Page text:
Saturday, April 28, 2012
Mourning the Golden Girl
A little history lesson for anyone too young to recall her, or who isn't the news junkie I am -- the missing link in broadcast news between Barbara Walters and Diane Sawyer was Jessica Savitch. She anchored NBC News Update, 60 seconds in primetime every night, which made her one of TV's most visible newspeople in those pre-cable days.
Here she is at her best. You Tube also features her rather infamous on-air meltdown, when her speech was so slurred that the control booth interrupted her minute broadcast with a mattress commercial. But you'll have to look that up yourself. I like this Jessica.
Beautiful and blonde and smart, she connected with the camera and had a gift for making the average viewer believe she was telling him a story, not reading from a script. She was such a gifted performer that people felt they knew her, just from one minute each night and the occasional story on the nightly news or subbing for the vacationing Jane Pauley on The Today Show. Viewers felt a personal connection to her that they didn't feel for Barbara Walters or John Chancellor. In terms of her ability to perform on camera, she seemed like a younger, prettier Walter Cronkite.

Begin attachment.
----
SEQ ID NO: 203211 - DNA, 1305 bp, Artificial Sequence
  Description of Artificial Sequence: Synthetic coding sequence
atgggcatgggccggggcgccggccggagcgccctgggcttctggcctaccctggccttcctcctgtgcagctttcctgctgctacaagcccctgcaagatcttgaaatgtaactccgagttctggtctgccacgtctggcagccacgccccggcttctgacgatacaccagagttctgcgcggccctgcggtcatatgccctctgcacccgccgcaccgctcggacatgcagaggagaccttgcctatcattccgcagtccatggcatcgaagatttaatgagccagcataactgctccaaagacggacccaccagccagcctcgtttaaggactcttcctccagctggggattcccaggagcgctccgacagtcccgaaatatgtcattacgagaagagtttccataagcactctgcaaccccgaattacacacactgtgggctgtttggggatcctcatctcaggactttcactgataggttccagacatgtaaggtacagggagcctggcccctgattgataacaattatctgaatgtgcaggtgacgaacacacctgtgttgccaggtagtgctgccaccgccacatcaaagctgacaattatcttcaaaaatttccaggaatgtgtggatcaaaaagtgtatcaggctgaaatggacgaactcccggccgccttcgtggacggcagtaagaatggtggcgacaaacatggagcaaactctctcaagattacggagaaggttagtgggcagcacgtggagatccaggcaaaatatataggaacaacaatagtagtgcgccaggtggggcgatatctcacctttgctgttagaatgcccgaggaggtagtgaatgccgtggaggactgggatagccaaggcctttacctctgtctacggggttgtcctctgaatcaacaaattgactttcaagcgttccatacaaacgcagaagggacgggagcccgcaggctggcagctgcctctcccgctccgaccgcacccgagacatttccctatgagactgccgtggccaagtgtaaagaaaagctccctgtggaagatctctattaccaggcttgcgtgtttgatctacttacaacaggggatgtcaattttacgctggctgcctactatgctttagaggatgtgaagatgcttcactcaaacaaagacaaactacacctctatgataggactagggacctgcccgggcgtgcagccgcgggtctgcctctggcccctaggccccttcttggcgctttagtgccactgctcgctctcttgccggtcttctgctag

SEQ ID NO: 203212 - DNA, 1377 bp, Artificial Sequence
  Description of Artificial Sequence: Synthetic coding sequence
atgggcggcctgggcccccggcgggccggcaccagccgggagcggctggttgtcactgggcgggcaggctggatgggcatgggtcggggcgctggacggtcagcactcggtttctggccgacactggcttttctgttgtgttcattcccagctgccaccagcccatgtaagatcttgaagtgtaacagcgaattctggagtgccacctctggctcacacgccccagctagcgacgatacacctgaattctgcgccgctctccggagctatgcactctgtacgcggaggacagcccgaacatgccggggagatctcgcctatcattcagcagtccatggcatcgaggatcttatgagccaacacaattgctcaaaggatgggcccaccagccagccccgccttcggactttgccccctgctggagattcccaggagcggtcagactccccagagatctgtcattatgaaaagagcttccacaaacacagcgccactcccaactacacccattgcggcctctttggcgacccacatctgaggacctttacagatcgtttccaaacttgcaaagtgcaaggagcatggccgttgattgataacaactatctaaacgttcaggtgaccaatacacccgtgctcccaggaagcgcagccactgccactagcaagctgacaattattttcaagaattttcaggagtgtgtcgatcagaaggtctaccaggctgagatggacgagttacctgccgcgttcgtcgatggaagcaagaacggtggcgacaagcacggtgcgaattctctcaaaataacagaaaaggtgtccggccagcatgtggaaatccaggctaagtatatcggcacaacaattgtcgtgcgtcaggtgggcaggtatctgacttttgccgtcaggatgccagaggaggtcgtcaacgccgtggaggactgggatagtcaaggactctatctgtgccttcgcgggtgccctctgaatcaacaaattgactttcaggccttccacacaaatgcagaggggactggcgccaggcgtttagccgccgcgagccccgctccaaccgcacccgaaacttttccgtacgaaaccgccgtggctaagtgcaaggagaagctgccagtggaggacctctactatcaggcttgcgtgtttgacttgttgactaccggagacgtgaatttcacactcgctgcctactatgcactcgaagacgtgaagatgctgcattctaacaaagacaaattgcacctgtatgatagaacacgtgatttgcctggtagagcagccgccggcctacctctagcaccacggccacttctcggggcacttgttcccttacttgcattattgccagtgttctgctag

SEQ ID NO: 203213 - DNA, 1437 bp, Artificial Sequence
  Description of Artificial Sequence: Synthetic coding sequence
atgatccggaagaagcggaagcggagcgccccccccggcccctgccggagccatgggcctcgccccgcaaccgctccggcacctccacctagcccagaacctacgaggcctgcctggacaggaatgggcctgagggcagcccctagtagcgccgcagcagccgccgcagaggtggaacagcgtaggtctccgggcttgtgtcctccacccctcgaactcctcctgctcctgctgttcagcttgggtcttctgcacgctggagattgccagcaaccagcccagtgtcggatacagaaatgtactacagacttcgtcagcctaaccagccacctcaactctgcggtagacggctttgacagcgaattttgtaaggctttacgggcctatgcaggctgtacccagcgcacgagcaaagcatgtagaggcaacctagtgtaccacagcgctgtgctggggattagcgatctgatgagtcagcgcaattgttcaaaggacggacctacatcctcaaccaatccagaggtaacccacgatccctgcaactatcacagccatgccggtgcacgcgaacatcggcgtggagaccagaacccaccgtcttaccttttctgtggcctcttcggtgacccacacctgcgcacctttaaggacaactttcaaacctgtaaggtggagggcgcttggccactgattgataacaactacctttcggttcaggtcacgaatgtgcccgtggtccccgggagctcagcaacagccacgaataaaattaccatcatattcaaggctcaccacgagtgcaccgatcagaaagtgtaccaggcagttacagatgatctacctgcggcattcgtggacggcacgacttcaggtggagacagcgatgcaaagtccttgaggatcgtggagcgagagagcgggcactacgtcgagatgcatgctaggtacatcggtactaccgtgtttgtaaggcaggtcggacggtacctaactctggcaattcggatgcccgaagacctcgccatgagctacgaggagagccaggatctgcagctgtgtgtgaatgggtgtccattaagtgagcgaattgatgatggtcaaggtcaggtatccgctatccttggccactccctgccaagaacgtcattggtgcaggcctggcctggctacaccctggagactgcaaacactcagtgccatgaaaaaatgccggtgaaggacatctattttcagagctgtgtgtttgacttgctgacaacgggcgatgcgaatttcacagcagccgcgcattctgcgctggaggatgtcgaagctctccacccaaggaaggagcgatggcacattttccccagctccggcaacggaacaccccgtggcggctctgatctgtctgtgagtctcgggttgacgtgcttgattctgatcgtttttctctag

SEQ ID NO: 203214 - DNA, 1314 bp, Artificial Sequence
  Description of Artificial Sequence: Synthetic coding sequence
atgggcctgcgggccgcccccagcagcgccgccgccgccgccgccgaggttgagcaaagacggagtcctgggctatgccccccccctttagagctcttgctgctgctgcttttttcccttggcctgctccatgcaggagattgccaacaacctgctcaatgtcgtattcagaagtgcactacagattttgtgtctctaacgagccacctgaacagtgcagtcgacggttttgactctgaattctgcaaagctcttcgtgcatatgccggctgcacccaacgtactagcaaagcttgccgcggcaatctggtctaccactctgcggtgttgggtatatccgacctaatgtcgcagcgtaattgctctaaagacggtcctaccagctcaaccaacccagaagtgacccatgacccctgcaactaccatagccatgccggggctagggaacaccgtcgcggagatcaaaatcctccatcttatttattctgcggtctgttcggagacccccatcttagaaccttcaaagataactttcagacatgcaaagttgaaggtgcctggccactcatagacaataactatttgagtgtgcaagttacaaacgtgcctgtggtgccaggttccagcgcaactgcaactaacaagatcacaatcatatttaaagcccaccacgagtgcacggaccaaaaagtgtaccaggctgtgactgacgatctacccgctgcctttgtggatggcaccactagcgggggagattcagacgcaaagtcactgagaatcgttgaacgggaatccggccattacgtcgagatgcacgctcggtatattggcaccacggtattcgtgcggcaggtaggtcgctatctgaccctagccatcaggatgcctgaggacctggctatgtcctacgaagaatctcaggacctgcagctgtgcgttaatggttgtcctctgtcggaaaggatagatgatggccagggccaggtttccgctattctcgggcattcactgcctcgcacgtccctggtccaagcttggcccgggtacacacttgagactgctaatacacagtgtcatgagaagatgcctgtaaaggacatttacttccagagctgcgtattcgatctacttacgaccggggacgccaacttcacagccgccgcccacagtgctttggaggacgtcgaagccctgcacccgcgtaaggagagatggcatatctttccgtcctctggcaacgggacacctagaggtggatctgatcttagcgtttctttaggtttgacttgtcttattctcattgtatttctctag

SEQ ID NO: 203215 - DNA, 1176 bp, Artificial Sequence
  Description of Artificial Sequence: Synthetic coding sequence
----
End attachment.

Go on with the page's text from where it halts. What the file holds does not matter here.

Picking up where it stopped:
Only she wasn't. She was a star before she could learn how to be a journalist. And it helped kill her.
Jessica Savitch deserves to be remembered. Nearly 30 years after her death, she has something to say to today's women. She believed that we can have it all, but she didn't accept the price attached to that. She tried to be what "they" wanted her to be, before finding out who she was herself. Instead of accepting the past, especially the loss of her father, she kept trying to repair it.
I have an autographed copy of her autobiography, Anchorwoman. I got it on eBay. I have never read it because it's generally regarded as a whitewash of her painful life. But now I think I want to dust it off. I want to spend some more time with her. There are two other books, Golden Girl by Alanna K. Nash (my favorite) and Almost Golden by Gwenda Blair. Here's a link to the PEOPLE cover story on her death.
I don't want her to be forgotten.